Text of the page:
Coho Salmon

Oncorhynchus kisutch

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Coho Salmon are a well-known and popular sport fish in Oregon. Like other salmon species, they are anadromous fish, which means they will migrate from the ocean to the tributaries of large rivers and coastal streams every fall and winter to breed. They often travel as far as 120 miles through treacherous waters filled with fishermen and hungry bears to fulfill this inherent need to reproduce. After successfully spawning, both the adult male and female die.

The fish can look remarkably different between their ocean and river phases. While living in the Pacific, the Coho Salmon has silver sides and a dark blue back. For this reason, they are sometimes referred to as “silver salmon.” When they return to freshwater rivers to spawn, their bellies will become a light rose color, changing to dark red as they age.

In Oregon, numerous hatcheries have been set up to help increase the numbers of salmon. In the last sixty years, the number of naturally breeding Coho Salmon has dropped from 400,000 to 10,000 individuals. Conservation efforts do appear to be making some difference, as the number of fish returning to Oregon rivers to spawn doubled between 2007 and 2009.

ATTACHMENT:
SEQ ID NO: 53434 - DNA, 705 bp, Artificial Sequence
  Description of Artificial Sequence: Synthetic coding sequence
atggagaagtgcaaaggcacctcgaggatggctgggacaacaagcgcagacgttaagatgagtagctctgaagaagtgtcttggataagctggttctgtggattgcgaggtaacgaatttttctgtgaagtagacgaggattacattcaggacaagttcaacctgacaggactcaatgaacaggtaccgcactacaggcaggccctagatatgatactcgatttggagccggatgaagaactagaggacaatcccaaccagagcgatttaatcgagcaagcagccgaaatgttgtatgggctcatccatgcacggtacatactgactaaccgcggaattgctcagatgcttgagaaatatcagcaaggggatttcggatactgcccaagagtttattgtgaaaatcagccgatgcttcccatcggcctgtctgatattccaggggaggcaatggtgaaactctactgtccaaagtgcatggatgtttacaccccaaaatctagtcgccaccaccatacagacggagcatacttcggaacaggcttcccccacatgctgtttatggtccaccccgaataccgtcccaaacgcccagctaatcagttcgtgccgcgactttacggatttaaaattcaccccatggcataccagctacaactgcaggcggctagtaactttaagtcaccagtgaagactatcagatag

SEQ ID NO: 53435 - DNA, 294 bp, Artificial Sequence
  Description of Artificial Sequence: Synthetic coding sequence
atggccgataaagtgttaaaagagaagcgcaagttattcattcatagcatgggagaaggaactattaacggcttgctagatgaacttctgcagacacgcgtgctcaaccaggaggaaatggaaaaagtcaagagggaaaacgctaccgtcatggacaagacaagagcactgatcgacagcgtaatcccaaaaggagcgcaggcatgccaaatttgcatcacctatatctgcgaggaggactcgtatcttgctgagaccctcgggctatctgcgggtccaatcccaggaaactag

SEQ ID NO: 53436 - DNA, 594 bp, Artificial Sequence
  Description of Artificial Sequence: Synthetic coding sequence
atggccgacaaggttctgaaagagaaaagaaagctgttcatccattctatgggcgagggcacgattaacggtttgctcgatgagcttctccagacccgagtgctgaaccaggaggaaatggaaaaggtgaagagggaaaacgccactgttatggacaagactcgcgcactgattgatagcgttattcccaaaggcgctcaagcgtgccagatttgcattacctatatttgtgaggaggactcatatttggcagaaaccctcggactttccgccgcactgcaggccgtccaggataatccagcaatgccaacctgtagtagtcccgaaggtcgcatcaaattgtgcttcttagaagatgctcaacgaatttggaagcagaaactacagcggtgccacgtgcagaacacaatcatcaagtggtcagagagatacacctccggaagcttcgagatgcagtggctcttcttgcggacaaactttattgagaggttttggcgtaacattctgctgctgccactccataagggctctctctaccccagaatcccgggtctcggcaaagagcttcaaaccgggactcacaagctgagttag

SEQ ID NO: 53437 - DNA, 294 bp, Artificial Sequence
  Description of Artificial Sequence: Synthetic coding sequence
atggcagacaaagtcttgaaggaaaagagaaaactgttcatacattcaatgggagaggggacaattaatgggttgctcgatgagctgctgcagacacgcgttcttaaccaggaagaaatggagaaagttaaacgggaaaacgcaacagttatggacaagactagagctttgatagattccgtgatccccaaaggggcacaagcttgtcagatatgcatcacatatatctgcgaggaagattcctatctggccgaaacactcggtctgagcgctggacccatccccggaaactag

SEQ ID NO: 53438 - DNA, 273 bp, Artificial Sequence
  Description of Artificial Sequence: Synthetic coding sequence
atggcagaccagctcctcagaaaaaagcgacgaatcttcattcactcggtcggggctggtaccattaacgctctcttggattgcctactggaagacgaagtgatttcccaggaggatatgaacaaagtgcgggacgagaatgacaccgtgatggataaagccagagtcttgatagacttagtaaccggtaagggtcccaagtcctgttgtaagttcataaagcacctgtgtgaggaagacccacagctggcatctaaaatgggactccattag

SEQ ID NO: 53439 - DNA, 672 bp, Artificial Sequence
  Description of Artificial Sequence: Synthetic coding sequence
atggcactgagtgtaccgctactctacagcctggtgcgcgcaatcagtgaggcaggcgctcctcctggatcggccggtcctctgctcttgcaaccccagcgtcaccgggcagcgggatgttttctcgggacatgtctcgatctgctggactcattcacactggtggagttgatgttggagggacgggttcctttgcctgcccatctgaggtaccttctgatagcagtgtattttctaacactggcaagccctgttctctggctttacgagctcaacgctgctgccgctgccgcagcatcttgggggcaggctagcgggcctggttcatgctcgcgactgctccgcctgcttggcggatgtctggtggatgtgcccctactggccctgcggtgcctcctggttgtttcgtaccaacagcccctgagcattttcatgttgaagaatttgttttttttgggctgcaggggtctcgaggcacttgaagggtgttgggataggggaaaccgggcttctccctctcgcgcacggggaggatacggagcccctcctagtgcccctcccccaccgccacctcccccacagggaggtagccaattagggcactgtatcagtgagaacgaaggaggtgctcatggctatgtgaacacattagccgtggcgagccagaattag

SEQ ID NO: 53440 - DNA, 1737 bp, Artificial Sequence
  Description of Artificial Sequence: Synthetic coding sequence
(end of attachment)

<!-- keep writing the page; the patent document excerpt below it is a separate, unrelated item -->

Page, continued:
Range and Habitat

These salmon are found throughout the North Pacific Ocean from Japan to northern California. During their ocean phase, they live in large schools in the open sea. To breed, they will return to the same freshwater river where they were born.

Conservation Status

The sharp decline in Coho population levels have been a concern to conservationists for the past decade and many programs are now in place to replenish their numbers. Their diminishing numbers are not only a problem for native wildlife which rely on the salmon as a food source, but for the salmon industry in Oregon and the larger Pacific Northwest. Many populations of this salmon are threatened or endangered, including close found along the Oregon Coast and in the Lower Columbia River. These populations are protected under the U.S. Endangered Species Act but environmental factors and habitat destruction still imperil the fish.

Photo credit: ODFW